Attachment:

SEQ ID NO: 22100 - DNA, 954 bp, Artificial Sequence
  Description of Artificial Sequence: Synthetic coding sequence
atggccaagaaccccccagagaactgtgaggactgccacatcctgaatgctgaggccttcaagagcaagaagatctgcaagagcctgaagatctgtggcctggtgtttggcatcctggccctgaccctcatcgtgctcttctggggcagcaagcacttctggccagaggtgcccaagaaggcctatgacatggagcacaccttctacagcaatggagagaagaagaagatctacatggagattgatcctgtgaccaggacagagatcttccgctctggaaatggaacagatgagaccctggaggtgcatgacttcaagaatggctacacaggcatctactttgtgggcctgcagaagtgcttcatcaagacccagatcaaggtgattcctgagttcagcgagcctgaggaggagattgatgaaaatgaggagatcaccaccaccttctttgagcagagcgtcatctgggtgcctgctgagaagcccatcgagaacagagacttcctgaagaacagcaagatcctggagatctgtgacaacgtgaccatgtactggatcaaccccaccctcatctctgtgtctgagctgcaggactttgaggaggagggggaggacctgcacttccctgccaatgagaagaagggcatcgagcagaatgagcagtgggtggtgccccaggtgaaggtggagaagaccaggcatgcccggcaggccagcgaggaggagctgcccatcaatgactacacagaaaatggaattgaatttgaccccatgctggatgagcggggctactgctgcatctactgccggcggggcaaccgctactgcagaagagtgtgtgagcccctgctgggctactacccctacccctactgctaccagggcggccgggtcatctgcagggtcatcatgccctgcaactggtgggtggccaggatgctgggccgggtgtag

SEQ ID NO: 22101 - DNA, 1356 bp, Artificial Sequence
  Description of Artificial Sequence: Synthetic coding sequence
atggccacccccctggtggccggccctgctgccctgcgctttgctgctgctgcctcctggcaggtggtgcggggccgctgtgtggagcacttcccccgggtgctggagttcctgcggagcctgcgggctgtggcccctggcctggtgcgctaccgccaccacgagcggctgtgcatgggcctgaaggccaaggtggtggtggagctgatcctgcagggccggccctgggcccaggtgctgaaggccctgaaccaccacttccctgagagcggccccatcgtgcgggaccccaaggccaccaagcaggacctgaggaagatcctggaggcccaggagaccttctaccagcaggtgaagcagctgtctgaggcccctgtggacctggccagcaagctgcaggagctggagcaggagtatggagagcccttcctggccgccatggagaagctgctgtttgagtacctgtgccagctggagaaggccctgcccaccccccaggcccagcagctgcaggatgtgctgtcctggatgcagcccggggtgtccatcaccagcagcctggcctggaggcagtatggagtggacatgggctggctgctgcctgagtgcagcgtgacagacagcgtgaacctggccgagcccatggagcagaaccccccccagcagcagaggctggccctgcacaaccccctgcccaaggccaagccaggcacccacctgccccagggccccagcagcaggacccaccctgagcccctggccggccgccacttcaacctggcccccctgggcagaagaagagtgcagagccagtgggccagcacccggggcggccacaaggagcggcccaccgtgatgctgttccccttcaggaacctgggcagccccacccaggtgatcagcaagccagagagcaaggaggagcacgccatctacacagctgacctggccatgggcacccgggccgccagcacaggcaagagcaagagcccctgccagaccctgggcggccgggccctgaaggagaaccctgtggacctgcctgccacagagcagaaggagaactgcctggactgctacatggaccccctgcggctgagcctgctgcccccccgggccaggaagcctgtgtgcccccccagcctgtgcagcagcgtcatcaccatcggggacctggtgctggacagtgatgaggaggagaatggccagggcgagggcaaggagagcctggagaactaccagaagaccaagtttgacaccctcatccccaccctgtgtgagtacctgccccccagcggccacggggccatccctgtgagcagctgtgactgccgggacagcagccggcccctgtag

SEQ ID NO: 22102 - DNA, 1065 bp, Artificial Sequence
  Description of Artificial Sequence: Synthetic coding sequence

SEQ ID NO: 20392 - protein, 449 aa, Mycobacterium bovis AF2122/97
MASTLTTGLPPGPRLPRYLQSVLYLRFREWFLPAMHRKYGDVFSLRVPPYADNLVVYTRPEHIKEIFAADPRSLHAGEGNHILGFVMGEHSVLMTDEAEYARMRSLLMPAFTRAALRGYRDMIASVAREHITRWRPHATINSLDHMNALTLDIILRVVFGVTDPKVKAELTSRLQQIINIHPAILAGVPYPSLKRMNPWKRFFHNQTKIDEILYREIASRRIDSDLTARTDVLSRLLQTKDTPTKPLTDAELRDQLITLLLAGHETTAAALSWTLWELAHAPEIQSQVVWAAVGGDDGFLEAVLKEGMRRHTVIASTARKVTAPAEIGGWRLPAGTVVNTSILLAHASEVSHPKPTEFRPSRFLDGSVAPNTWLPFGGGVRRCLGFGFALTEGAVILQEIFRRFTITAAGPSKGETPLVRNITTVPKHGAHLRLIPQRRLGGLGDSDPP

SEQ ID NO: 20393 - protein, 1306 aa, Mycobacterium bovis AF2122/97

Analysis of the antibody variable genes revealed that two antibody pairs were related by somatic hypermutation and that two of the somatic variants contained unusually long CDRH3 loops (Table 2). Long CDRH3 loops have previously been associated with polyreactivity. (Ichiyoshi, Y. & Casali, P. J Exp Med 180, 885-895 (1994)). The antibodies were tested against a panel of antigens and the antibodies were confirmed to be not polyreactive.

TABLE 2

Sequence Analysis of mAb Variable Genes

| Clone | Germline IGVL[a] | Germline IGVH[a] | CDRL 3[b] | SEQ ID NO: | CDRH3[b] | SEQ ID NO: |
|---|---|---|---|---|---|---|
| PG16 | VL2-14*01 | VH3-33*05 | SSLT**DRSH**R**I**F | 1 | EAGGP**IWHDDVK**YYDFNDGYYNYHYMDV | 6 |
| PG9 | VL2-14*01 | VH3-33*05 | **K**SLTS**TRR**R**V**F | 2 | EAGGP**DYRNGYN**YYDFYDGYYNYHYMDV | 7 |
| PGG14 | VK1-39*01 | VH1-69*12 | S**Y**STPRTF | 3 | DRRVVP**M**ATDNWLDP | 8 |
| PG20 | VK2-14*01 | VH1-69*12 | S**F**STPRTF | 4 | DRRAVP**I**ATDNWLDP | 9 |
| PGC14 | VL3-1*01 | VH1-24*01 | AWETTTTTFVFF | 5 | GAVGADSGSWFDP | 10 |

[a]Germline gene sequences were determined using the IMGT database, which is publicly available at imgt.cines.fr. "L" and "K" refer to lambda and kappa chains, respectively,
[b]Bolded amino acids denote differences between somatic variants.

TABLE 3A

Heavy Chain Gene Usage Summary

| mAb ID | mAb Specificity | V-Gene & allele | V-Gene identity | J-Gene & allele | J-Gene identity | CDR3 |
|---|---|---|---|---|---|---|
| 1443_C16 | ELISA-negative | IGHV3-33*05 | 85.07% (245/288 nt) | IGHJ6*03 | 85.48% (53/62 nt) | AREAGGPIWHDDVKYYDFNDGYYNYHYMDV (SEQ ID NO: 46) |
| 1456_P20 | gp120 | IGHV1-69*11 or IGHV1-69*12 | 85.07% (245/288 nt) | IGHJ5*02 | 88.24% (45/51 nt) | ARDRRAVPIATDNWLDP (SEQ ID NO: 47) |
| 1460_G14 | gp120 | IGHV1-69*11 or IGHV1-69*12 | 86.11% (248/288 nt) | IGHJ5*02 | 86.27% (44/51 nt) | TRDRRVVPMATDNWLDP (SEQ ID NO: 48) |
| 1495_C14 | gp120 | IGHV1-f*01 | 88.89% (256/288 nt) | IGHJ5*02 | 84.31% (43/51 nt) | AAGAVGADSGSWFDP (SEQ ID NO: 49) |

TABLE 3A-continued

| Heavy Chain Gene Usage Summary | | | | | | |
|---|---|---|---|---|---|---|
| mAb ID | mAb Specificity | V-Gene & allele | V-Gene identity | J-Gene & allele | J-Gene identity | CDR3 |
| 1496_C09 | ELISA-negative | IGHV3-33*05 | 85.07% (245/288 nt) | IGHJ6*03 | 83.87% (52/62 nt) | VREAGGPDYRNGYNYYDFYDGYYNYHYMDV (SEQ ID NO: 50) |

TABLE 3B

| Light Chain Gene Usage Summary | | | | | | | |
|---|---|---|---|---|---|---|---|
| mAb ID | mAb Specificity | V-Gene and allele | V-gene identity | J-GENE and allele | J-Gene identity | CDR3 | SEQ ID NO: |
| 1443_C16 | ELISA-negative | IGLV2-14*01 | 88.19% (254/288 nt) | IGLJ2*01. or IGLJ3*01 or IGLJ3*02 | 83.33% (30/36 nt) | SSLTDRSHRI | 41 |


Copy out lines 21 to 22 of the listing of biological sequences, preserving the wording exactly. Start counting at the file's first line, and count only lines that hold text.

| PGC14 | VL3-1*01 | VH1-24*01 | AWETTTTTFVFF | 5 | GAVGADSGSWFDP | 10 |

[a]Germline gene sequences were determined using the IMGT database, which is publicly available at imgt.cines.fr. "L" and "K" refer to lambda and kappa chains, respectively,